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Don’t just re-sit – re-engage! How to motivate despondent students after disappointment
Engaging learners enrolled on functional skills and GCSE resit courses, after disappointing results first time round, is arguably one of the most difficult tasks facing tutors in further education.
While highly motivated and capable in their vocational field of study, learners can often see functional skills assessments as insurmountable impediments to success. Those on apprenticeships and traineeships struggle to envisage how English and maths assessments support their specialist skill sets and can easily become disillusioned before even enrolling on a course.
Similarly, college students undertaking GCSE resits may have already faced exam disappointment, be lacking in confidence due to an extended break from academic life or have concerns about fitting in a study schedule around family and life commitments.
Literacy and numeracy attainment is not an isolated issue with learners of functional skills or GCSE resit content. The National Numeracy charity reports that numeracy levels in the UK are decreasing nationally, and the proportion of working age adults in England with English skills equivalent to GCSE grade 4 (or C grade) or above is just 57% – so it is therefore more vital than ever to engage these learners while they are a captive audience at college.
Jo Heathcote, principal examiner, principal moderator, teacher and author who has over 25 years of experience working with English students believes a key to success is context. Motivating despondent students after GCSE disappointment for example is simply about reframing the perspective. “Students entering further education to re-take their GCSEs haven’t ‘failed’ anything, they’ve just not got the grade they need to progress to higher education yet,” she said.
Jo works with students to identify how far away from the grade boundaries they were in summer assessments and in many circumstances the margins between grade 3, 4 and 5 are extremely slim. On an exam paper with 80 marks, a minor uplift over a couple of questions may be just what’s required for students to achieve success. Addressing these specific gaps in learners’ knowledge can be helped by using online learning and assessment platforms which offer diagnostic assessment tools and individual learning plans.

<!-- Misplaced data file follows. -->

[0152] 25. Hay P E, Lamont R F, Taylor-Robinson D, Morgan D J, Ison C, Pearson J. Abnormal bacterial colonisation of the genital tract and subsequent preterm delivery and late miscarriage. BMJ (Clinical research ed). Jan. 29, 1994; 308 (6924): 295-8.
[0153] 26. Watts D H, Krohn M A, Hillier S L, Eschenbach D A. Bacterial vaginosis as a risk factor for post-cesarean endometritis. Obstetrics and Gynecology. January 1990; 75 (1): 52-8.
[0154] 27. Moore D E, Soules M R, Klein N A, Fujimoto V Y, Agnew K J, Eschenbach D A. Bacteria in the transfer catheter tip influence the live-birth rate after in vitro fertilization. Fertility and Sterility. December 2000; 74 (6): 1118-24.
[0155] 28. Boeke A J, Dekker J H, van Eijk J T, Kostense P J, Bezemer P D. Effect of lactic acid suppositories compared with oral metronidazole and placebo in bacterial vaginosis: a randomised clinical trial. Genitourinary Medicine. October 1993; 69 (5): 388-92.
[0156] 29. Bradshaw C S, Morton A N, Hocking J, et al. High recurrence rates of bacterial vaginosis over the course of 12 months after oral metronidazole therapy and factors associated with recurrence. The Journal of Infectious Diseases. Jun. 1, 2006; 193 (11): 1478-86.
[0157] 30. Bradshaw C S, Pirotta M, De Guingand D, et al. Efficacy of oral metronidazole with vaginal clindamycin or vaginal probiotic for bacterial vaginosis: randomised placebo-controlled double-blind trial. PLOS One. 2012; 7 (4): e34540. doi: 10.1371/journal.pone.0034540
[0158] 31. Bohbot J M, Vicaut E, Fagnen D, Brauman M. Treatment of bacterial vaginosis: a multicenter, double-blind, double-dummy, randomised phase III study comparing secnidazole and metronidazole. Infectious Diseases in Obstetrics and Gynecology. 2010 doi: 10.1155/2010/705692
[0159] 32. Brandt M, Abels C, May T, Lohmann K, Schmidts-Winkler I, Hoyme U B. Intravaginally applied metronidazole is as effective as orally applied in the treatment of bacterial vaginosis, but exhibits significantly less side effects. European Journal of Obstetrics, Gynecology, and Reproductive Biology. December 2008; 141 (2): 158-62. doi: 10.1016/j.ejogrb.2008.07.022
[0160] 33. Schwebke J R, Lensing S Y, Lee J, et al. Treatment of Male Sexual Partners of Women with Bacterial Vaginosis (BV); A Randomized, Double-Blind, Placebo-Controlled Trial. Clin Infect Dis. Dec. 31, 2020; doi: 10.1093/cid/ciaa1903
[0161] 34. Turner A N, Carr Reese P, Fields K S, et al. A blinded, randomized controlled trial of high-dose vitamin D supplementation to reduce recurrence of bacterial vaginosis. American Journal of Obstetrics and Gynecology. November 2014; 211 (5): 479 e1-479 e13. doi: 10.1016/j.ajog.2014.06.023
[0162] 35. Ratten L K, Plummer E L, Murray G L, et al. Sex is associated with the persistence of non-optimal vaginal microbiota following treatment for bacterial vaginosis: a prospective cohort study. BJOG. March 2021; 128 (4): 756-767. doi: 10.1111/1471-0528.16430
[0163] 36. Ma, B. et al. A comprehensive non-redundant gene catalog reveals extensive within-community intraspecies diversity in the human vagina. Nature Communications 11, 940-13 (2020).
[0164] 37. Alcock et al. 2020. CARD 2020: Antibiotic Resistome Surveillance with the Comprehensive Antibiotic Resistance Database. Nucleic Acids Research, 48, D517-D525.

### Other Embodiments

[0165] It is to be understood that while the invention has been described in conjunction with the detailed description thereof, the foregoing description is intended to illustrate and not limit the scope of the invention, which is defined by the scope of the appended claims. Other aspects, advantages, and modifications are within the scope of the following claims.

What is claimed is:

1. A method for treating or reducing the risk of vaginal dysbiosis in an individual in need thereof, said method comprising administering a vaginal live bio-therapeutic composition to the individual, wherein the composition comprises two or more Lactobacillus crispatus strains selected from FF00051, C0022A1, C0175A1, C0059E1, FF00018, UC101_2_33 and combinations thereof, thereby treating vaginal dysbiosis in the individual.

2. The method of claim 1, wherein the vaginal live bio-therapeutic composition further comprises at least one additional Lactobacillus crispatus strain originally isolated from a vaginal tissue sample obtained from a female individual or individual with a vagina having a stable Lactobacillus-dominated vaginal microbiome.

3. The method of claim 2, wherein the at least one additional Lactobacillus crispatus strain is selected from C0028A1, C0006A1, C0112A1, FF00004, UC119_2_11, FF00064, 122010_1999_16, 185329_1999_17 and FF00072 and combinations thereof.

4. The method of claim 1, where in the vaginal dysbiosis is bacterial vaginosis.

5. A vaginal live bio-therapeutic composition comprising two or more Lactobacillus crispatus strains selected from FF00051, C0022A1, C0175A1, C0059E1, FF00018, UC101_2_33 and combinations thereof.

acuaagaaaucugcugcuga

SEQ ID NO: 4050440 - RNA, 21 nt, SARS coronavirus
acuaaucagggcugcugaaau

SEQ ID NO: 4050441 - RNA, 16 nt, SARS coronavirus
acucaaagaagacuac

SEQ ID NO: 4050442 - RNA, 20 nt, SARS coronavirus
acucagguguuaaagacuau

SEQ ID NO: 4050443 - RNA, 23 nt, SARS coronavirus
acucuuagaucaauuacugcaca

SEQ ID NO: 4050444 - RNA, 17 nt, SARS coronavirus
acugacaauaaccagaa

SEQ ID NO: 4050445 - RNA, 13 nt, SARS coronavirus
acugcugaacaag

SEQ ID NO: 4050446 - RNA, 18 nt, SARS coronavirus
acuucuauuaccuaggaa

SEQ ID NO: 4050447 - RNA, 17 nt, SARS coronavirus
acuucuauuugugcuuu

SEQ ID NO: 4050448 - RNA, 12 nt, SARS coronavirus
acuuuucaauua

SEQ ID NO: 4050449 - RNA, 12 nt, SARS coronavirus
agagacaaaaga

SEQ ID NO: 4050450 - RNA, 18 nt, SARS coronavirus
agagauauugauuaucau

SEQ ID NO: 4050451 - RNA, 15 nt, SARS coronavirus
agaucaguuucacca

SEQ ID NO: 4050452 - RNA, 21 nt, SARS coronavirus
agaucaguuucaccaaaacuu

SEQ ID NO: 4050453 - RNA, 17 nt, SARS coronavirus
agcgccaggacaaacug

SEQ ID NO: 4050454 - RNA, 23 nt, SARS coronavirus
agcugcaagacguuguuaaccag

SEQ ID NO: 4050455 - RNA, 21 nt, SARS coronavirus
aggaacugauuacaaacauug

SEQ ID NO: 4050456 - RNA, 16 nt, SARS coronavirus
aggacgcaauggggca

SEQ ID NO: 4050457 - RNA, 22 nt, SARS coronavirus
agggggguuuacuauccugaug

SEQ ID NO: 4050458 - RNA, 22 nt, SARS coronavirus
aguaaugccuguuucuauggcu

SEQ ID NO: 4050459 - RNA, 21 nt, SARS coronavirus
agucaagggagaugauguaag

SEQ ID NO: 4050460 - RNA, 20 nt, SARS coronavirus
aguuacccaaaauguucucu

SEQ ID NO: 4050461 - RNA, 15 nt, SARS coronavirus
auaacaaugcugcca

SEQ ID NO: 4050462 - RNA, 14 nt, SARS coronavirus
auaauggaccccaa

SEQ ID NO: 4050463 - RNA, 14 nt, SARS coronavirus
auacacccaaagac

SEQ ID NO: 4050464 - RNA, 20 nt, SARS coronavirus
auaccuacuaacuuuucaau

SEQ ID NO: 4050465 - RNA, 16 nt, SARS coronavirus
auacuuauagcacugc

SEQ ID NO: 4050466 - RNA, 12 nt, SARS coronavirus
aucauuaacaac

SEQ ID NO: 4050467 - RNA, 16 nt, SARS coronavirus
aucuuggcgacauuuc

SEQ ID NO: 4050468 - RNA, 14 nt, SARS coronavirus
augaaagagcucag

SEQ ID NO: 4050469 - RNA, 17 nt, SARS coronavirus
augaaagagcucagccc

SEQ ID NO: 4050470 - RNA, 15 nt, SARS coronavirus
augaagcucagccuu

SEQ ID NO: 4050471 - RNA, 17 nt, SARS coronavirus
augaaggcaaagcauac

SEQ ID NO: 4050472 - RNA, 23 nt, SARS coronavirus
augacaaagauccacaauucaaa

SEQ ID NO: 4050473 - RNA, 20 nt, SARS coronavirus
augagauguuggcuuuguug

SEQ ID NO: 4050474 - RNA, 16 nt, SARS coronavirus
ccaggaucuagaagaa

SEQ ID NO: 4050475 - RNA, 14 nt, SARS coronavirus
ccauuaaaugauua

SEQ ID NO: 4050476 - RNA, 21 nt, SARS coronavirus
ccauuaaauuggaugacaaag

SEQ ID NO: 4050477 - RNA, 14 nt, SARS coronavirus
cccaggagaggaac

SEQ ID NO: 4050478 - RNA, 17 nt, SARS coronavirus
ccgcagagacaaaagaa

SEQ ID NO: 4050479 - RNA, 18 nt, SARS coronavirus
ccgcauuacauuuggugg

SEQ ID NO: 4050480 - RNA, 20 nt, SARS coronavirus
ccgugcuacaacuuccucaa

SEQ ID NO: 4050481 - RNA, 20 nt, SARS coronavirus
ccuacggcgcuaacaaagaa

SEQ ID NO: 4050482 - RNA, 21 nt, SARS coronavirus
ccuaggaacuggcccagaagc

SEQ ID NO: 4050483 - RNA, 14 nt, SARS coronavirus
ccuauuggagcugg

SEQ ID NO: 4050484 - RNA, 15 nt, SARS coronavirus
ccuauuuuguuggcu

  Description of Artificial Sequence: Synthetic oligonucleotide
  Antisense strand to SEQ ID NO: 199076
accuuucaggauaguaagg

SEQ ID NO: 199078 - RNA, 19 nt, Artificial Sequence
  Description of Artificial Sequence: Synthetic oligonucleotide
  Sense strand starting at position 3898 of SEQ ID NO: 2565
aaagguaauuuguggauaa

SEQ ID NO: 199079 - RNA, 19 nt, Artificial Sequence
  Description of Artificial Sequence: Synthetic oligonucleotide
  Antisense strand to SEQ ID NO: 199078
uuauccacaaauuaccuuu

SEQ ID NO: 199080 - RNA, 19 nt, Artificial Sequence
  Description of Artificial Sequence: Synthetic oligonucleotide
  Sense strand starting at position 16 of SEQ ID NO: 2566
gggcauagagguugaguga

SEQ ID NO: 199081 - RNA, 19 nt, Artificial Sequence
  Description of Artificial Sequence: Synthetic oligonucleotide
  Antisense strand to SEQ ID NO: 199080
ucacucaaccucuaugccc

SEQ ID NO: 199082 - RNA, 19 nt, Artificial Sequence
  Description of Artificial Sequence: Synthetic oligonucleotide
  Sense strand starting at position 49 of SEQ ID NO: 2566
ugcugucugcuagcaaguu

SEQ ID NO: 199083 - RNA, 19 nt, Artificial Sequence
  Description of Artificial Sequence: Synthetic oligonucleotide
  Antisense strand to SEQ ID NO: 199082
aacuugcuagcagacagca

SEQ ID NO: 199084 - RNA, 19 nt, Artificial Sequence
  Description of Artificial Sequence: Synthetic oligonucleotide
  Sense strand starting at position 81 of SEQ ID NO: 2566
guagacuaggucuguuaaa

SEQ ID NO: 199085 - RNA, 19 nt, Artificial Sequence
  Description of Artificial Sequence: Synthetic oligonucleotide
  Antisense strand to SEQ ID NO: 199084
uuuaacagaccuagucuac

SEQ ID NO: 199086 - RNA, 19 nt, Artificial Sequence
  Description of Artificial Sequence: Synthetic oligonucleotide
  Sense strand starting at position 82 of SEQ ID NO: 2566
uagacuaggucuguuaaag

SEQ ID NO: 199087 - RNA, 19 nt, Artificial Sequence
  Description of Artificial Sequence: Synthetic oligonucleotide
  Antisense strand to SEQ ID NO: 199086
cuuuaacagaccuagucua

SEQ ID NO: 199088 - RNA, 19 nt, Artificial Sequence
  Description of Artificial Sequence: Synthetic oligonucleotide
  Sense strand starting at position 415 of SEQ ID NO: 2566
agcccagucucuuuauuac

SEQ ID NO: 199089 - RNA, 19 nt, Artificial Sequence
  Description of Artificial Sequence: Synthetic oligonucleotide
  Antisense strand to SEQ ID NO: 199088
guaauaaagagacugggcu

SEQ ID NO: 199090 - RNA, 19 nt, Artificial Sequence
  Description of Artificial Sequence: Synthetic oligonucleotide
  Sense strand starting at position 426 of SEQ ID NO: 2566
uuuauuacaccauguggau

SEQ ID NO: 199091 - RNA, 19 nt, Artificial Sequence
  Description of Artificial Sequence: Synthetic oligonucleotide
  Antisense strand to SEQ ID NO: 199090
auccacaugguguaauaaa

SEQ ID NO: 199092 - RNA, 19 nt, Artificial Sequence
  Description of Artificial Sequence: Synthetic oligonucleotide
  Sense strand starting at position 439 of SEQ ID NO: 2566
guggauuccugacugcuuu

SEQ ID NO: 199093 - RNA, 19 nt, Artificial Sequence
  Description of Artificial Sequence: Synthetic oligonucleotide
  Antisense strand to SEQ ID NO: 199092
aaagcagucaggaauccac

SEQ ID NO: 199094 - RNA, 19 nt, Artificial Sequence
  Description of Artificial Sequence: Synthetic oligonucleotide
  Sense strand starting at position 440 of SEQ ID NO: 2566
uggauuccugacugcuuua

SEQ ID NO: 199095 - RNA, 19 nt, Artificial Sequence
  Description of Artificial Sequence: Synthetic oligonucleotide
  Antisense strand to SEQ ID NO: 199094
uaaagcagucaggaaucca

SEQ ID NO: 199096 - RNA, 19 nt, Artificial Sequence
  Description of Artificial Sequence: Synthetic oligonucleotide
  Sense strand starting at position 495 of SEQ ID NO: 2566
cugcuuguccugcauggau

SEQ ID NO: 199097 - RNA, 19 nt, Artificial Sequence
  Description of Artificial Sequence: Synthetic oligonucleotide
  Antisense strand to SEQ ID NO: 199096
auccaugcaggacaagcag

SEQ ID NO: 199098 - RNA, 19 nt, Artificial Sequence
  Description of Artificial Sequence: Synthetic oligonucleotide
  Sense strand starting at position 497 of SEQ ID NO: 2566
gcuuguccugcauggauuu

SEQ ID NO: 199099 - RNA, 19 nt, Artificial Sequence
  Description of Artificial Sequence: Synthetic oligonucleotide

The kindness principle
Sarah Heaton works at Leeds College of Building where she’s spent the last five years of her fifteen year teaching career. “We see students from all walks of life come through our doors,” she said, adding: “Some learners can be extremely detached and despondent when they arrive at the beginning of the academic year so it’s really important that we start the term with resilience building and growth mindset work. Students are made aware from the start of their studies that this is a very supportive environment”.
Reward and recognition programmes are integral parts of the curriculum at LCB and Sarah cites Dave Whitaker’s Kindness Principle as a source of inspiration in building learners’ self-worth.
Building trust, ambition and aspiration
It’s important that learners are exposed to enriching experiences that resonate with them and their peers. Methods of building cultural capital vary between locations, demographics and social characteristics. “It’s an ideal time to give students a different learning experience that perhaps they missed out on through their GCSEs” says Jo Heathcote “theatre trips, visits to libraries, working with visiting writers and urban poetry collectives can all be inspiring as well as ensuring the English curriculum is properly diverse and representative of the students you teach.”
Sarah Heaton says care in the local community is also a rewarding way of making learners value their self-worth.
Collaboration is key
FE Leader, English teacher and author Jonny Kay said: “Any educational institution needs to communicate with students in a way that allows them to easily access the information that’s important.” This is pertinent with functional skills and GCSE resit learners who have busy lives and commitments out of the classroom.
Collaboration is so much easier than ever before, with class resources shared online via tools like Microsoft Teams or Google Classroom. Modern software can issue homework and assessments that can be accessed anywhere via an app.
A learning platform such as Education Demand breaks syllabuses down into manageable chunks, which builds students’ confidence and encourages collaborative learning via gamification and competitions. Promoting independent study amongst learners frees tutors up for peer collaboration and eases workload.
Whether embarking on functional skills courses or re-sitting GCSEs, each learner’s route to success is different and with a new cohort of learners joining colleges up and down the country throughout the month, I wish tutors the best of luck with engaging future talent.